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When to pull the plug on sticky cash rentsWhen to pull the plug on sticky cash rents

Would you be better off financially without some high-rent farms?

Jacqui Fatka

December 26, 2017

2 Min Read

National cash rent for cropland remained stable in 2017 for producers, but locally many are starting to feel the squeeze from cash rents that are slow or unwilling to come down.

Gary Schnitkey, University of Illinois agricultural economist, says it may be time to take a closer look at whether now is the time to walk away from higher cash rents as costs per acre hover around breakevens.

“Farmers have a difficult time showing positive cash flow, particularly if they rent a lot of land and are cash flow short,” Schnitkey says.

Farms have eroding wealth, but remain financially strong. Most can maintain higher cash rent prices, but they can only sustain it for the next two to three years.

Farmers also are often reluctant to walk away from land with the constant mentality to keep growing the land base. Most farmers have the equipment to farm 500 more acres with their existing fleet. “They know they’ve got to get bigger at the same time cash rents are not coming down,” he notes.

Some farmers have 90% of their land base cash-rented at high rental rates, and there aren’t many alternatives for them.

However, Schnitkey says for people who have working capital and 30% of their land base owned at low debt levels, they may have the power to walk away from one or two of their high-cash-rent farms.

“They could actually lose those farms and be better off financially,” Schnitkey states.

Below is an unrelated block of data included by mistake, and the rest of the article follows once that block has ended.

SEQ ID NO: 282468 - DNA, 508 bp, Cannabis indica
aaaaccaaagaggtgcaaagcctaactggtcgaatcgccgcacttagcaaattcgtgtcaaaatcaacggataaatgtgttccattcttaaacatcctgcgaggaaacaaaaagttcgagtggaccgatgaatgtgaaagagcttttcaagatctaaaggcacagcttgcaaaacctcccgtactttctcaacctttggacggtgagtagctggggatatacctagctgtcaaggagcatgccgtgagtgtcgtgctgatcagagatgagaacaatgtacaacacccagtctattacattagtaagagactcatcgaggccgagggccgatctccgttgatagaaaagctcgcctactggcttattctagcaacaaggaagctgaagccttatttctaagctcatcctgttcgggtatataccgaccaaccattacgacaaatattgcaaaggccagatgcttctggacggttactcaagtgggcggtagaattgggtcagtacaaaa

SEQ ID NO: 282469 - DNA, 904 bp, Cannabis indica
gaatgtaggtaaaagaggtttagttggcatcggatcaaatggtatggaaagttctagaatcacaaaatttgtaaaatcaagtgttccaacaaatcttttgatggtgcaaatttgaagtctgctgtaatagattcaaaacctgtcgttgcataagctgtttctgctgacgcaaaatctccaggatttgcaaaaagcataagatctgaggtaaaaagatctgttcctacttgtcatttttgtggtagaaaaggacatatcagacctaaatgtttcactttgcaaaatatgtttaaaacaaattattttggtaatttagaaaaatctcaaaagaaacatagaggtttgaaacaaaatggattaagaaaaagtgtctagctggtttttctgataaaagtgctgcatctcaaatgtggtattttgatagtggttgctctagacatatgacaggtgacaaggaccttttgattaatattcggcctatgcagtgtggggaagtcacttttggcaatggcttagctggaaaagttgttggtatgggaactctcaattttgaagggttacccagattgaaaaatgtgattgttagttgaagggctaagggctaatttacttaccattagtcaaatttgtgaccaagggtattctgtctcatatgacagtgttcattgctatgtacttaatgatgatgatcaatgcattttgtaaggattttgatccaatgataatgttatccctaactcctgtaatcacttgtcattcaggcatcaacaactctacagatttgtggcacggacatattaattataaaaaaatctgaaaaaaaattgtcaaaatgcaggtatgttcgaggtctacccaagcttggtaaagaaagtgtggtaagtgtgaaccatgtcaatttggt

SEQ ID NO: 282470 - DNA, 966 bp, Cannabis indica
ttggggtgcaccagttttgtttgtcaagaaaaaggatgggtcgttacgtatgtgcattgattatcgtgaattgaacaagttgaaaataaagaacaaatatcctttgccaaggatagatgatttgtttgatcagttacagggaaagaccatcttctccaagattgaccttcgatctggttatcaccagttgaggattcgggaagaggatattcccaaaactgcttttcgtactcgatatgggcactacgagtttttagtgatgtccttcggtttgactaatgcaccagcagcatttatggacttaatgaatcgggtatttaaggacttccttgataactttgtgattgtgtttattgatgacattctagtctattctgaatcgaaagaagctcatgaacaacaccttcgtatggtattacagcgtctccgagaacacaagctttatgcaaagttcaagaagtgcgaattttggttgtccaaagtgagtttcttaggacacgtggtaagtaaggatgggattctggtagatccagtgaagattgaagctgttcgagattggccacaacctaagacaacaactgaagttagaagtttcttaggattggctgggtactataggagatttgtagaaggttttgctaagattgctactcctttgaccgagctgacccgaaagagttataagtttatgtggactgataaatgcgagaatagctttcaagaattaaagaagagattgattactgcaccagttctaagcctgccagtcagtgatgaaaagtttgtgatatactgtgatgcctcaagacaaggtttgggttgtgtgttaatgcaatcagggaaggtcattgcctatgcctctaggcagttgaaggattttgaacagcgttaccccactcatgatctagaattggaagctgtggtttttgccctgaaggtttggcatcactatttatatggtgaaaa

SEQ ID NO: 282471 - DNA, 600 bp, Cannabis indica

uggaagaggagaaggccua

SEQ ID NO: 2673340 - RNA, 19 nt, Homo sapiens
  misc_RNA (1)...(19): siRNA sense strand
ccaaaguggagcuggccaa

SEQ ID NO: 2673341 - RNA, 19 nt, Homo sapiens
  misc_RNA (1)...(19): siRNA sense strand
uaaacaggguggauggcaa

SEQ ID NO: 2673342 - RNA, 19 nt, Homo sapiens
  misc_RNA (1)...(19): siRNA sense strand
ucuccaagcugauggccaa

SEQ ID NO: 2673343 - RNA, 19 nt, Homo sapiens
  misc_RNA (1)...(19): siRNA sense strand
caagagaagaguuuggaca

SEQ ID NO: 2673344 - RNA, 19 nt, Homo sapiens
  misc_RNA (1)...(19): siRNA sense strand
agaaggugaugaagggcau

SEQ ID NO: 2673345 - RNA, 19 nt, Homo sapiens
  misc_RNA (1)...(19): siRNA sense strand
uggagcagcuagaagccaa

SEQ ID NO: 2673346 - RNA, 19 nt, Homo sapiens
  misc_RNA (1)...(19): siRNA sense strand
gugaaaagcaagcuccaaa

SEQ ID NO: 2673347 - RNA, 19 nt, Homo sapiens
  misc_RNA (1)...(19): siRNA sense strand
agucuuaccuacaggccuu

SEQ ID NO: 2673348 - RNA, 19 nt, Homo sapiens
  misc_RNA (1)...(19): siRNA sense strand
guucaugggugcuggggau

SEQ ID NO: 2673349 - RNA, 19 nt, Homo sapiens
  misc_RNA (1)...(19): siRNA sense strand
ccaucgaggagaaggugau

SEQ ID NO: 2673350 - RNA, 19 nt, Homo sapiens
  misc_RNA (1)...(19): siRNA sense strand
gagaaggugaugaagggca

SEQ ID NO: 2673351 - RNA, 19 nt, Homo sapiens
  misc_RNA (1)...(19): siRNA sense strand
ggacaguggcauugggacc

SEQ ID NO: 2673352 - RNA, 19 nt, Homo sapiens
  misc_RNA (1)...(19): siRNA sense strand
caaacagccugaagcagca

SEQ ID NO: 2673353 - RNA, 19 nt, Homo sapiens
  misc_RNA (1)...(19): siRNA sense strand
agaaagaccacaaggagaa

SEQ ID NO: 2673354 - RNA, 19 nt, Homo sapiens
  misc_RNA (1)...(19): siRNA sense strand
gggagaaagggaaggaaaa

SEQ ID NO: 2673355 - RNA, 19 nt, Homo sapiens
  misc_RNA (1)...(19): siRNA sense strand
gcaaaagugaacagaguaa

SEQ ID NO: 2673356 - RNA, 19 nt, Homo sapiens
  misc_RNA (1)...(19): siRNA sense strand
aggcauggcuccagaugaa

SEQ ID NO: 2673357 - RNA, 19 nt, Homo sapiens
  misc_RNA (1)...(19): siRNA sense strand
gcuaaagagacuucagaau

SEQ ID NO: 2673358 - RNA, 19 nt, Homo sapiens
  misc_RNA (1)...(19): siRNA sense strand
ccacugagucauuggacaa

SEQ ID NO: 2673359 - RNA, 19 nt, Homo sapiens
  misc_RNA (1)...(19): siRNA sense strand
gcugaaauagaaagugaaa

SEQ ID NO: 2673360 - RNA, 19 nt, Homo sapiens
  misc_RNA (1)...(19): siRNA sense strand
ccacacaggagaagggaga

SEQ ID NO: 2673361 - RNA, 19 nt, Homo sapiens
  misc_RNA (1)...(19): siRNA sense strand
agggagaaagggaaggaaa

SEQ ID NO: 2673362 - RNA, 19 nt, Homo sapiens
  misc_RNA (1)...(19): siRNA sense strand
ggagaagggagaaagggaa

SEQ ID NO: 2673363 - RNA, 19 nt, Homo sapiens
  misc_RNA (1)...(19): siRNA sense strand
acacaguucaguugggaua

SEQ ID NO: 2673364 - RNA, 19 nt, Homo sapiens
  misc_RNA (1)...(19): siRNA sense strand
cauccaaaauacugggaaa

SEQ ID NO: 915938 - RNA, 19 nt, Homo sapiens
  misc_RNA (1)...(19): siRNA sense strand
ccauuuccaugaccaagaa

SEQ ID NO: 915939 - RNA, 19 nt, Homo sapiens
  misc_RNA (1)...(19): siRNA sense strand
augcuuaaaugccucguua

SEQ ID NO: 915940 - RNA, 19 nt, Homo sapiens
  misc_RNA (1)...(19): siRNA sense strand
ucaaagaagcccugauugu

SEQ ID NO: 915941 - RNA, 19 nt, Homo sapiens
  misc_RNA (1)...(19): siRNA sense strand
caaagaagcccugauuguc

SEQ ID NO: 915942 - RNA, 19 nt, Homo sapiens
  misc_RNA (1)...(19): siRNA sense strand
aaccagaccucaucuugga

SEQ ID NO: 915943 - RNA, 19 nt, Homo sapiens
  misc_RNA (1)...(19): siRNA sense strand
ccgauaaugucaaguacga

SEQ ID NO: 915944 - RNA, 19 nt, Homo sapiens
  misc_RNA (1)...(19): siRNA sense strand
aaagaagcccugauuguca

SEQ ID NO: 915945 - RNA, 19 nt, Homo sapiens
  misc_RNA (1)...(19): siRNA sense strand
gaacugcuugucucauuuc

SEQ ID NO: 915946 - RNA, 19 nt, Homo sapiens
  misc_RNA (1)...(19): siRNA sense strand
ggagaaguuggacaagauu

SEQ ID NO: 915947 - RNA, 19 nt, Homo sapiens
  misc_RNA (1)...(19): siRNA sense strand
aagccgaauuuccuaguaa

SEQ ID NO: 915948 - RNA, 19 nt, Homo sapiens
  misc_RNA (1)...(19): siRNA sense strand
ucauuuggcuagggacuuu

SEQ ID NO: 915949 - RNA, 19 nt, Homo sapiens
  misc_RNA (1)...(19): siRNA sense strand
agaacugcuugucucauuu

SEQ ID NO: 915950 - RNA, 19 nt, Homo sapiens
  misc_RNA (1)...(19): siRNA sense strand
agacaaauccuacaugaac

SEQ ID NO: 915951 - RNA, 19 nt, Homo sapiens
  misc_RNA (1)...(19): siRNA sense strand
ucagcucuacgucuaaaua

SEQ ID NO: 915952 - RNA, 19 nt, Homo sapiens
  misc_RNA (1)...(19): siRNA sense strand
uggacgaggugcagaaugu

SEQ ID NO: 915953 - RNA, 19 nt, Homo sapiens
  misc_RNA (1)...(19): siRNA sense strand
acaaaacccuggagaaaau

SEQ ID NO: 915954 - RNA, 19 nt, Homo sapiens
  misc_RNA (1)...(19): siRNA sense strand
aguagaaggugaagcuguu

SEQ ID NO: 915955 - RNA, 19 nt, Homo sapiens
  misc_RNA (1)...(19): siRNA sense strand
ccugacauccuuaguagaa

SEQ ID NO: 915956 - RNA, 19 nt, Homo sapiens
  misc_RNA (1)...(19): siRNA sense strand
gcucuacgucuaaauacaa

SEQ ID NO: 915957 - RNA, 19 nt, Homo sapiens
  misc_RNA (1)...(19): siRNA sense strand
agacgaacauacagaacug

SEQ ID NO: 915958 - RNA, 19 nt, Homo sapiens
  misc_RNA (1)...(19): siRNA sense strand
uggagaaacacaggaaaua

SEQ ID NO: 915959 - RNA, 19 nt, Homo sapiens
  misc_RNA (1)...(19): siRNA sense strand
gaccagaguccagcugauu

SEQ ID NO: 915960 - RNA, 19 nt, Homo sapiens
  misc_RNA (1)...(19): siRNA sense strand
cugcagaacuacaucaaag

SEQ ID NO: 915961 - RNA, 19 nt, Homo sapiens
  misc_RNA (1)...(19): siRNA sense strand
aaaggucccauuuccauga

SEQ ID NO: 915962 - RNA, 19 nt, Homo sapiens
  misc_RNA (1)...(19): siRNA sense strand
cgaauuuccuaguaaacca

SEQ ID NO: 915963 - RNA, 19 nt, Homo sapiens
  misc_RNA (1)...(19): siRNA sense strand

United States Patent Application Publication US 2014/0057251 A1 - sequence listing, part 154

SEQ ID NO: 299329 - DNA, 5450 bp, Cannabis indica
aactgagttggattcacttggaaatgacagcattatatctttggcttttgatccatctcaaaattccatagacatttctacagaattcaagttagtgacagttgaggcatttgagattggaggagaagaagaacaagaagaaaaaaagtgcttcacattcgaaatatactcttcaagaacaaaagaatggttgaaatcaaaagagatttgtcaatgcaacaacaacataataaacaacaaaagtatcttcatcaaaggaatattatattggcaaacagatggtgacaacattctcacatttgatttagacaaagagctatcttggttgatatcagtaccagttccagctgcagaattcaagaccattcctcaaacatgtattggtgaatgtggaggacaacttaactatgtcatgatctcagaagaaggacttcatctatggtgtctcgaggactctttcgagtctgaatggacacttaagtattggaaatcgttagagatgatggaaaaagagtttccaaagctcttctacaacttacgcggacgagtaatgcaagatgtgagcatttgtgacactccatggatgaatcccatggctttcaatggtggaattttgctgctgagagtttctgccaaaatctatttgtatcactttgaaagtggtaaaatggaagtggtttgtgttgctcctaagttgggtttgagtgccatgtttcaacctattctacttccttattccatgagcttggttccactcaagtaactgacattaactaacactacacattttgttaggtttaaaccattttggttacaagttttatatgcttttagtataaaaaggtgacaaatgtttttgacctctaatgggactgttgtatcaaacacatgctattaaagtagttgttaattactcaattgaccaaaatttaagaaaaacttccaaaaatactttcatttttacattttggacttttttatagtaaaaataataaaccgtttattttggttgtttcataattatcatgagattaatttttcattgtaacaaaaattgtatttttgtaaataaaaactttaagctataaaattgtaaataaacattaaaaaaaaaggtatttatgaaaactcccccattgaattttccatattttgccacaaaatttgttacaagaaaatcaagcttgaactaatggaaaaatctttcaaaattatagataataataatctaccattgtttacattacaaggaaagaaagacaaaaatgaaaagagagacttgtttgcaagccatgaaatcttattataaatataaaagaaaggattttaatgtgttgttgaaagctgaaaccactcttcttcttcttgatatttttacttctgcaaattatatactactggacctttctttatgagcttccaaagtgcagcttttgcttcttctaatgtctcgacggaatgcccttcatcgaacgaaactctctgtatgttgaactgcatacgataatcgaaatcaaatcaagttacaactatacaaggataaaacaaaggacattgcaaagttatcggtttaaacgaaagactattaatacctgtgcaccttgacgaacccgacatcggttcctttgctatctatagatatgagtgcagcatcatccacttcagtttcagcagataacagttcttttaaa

Property taxes

Farmers have indicated landlords are unwilling to adjust cash rents as property taxes restrain landowners from adjusting rents lower.

In Illinois, for example, between 2008 and 2016, property taxes increased at a rapid rate, from $24 per acre in 2008 to $53 per acre in 2016. During this eight-year period, property taxes increased an average of 9.6% per year.

Schnitkey says the most immediate impact of higher property taxes is a reduction of returns to farmland owners. “Since farmland returns began to decline since 2013, property tax increases magnify farmland return decreases,” he says.

Property tax increases negatively impact returns to farmland owners. Now returns received from farming the land also are decreasing. Landowners with share rent or variable cash lease arrangements already have had their returns adjusted downward.

“Cash rents likely will continue to decline in the future. The increase in property taxes makes the adjustment downward in cash rents more difficult,” he concludes.

About the Author(s)

Jacqui Fatka

Policy editor, Farm Futures

Jacqui Fatka grew up on a diversified livestock and grain farm in southwest Iowa and graduated from Iowa State University with a bachelor’s degree in journalism and mass communications, with a minor in agriculture education, in 2003. She’s been writing for agricultural audiences ever since. In college, she interned with Wallaces Farmer and cultivated her love of ag policy during an internship with the Iowa Pork Producers Association, working in Sen. Chuck Grassley’s Capitol Hill press office. In 2003, she started full time for Farm Progress companies’ state and regional publications as the e-content editor, and became Farm Futures’ policy editor in 2004. A few years later, she began covering grain and biofuels markets for the weekly newspaper Feedstuffs. As the current policy editor for Farm Progress, she covers the ongoing developments in ag policy, trade, regulations and court rulings. Fatka also serves as the interim executive secretary-treasurer for the North American Agricultural Journalists. She lives on a small acreage in central Ohio with her husband and three children.

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